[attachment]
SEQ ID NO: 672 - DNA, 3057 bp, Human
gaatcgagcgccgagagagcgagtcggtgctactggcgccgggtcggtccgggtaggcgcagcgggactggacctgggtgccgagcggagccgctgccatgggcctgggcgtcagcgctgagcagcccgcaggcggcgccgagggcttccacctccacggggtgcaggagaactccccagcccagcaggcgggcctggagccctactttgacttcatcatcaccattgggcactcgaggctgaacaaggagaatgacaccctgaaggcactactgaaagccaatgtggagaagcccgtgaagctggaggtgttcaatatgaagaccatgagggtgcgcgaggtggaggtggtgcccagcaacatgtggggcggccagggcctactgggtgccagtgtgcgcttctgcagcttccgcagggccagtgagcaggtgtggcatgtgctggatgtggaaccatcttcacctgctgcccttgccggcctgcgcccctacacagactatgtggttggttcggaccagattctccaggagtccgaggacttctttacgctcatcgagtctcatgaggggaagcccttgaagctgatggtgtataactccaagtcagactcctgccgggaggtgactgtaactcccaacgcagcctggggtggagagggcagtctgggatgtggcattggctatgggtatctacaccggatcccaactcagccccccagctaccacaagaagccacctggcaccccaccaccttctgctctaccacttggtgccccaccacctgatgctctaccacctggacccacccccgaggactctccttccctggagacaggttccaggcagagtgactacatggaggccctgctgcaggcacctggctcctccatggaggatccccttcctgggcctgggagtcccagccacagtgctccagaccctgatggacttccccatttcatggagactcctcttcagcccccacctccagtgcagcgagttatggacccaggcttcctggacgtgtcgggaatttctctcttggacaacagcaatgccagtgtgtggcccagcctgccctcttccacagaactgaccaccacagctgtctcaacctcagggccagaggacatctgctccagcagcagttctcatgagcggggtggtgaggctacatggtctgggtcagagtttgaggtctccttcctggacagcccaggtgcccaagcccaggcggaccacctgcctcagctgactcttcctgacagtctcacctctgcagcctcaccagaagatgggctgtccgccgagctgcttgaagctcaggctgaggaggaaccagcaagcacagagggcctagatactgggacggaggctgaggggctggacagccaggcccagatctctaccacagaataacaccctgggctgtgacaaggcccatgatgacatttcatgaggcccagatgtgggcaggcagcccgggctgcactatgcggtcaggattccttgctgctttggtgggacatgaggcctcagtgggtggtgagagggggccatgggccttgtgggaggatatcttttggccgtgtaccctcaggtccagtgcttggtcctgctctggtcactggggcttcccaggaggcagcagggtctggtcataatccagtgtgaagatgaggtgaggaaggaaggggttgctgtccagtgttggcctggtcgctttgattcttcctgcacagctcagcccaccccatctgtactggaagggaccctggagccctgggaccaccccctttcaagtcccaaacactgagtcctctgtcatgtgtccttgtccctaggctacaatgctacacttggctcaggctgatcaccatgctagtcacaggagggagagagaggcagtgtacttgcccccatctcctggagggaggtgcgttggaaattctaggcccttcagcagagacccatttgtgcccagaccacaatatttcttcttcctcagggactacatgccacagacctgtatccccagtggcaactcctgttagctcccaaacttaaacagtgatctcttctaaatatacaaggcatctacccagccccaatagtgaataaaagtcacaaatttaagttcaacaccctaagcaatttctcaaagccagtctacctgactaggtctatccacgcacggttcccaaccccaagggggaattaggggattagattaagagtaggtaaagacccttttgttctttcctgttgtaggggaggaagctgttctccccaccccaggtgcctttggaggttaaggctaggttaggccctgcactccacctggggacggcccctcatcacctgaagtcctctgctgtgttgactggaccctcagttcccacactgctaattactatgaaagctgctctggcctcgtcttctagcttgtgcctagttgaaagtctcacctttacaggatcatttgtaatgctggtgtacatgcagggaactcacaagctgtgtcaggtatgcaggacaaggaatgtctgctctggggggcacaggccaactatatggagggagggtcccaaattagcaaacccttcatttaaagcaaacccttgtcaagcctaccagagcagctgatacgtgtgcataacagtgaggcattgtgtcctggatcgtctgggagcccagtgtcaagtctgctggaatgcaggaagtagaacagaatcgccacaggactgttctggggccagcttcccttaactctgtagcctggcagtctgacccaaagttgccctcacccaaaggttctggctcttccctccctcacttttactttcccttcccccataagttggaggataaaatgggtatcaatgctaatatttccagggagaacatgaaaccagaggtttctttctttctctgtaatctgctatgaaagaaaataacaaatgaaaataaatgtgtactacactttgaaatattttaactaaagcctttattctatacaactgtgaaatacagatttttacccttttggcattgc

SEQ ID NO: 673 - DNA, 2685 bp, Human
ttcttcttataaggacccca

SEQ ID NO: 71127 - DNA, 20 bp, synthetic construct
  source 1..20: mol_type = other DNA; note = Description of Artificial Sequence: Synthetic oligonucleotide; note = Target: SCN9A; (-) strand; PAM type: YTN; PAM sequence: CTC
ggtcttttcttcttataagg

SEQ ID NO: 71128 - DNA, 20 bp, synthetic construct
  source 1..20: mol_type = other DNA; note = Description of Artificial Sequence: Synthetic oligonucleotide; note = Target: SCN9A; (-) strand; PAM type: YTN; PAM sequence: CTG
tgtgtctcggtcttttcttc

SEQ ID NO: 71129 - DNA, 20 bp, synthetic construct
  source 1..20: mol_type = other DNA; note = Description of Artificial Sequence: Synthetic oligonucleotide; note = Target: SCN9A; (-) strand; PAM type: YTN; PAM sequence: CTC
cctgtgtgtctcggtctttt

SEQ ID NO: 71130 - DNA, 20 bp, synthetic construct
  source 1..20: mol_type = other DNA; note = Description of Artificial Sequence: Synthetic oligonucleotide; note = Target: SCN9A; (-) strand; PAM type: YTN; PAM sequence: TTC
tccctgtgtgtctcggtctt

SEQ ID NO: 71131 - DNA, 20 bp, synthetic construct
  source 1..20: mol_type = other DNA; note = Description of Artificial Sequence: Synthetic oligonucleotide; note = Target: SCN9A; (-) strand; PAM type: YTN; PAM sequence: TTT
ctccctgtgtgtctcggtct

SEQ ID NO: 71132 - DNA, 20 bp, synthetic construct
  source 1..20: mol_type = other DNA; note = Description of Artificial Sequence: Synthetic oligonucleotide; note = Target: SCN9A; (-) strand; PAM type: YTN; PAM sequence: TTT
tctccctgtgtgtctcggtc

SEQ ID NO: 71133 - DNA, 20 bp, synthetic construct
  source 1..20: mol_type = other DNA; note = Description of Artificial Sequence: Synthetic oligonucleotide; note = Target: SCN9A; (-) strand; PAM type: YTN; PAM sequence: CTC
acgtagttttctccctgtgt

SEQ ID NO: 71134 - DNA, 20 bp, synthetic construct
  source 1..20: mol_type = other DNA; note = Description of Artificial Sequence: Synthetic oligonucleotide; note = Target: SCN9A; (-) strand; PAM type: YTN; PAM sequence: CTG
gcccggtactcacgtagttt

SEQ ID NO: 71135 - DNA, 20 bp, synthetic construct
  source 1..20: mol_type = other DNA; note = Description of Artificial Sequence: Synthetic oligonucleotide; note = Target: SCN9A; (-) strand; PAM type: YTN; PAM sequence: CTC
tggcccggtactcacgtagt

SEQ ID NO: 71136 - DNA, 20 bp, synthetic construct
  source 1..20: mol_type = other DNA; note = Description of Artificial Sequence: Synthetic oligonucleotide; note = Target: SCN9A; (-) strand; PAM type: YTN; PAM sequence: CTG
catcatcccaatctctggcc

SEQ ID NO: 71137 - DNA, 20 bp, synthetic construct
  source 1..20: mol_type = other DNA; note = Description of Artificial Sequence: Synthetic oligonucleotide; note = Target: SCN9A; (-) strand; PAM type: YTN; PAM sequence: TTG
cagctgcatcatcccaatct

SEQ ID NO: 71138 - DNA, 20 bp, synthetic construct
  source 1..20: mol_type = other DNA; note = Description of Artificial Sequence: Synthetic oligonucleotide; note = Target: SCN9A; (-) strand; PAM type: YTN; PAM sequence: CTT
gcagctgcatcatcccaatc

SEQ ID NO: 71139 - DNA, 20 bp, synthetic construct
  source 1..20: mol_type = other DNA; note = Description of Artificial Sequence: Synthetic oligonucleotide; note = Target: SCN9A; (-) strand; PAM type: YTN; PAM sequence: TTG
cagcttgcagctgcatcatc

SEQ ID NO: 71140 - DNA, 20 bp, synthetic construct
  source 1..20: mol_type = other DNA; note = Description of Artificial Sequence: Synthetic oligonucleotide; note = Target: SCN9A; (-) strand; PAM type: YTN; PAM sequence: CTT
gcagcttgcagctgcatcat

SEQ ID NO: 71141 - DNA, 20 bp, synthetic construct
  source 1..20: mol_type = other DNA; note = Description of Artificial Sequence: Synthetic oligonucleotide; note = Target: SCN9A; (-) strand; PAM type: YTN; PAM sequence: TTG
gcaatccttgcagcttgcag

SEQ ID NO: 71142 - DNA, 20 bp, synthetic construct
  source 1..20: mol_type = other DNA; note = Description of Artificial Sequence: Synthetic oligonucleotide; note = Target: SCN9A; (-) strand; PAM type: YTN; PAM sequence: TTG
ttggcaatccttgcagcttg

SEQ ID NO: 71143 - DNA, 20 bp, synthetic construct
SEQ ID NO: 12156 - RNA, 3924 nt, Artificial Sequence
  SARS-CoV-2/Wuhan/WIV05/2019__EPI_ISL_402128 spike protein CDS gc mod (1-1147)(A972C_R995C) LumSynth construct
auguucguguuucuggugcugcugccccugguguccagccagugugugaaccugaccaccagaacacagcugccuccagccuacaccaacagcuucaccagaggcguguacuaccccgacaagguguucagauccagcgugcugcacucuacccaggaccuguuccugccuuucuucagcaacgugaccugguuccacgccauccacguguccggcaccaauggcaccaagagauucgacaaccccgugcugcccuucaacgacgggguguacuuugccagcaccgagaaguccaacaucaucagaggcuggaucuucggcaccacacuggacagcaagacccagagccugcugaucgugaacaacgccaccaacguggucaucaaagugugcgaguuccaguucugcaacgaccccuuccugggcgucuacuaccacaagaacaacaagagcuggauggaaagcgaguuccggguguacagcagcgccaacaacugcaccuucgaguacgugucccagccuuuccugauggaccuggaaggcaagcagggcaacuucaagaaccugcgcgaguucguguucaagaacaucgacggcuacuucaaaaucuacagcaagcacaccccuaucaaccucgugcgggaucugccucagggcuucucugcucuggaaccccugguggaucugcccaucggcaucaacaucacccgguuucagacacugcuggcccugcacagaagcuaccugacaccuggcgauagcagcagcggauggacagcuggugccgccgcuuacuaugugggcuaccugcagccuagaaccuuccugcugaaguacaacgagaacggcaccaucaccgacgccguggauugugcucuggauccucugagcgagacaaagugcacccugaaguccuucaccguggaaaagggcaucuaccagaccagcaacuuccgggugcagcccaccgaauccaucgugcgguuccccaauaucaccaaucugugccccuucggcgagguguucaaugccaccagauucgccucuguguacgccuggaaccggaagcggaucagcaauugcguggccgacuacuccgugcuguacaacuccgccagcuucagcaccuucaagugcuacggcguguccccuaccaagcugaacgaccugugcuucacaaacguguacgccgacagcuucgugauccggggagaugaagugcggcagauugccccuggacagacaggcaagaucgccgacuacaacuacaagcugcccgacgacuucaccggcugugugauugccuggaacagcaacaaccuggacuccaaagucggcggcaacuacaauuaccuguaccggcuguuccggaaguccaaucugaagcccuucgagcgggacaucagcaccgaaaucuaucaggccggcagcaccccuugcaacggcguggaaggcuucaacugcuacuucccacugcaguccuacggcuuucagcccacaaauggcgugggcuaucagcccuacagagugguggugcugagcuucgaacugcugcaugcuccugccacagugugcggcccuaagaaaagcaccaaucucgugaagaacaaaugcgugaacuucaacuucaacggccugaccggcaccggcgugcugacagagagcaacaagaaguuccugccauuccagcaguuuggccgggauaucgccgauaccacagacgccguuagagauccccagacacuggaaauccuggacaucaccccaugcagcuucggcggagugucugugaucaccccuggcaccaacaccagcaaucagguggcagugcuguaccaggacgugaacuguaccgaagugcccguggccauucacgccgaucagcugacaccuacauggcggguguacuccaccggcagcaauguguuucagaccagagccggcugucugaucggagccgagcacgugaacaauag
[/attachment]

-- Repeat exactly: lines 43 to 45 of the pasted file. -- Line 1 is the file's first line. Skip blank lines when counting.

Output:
cagcttgcagctgcatcatc

SEQ ID NO: 71140 - DNA, 20 bp, synthetic construct
  source 1..20: mol_type = other DNA; note = Description of Artificial Sequence: Synthetic oligonucleotide; note = Target: SCN9A; (-) strand; PAM type: YTN; PAM sequence: CTT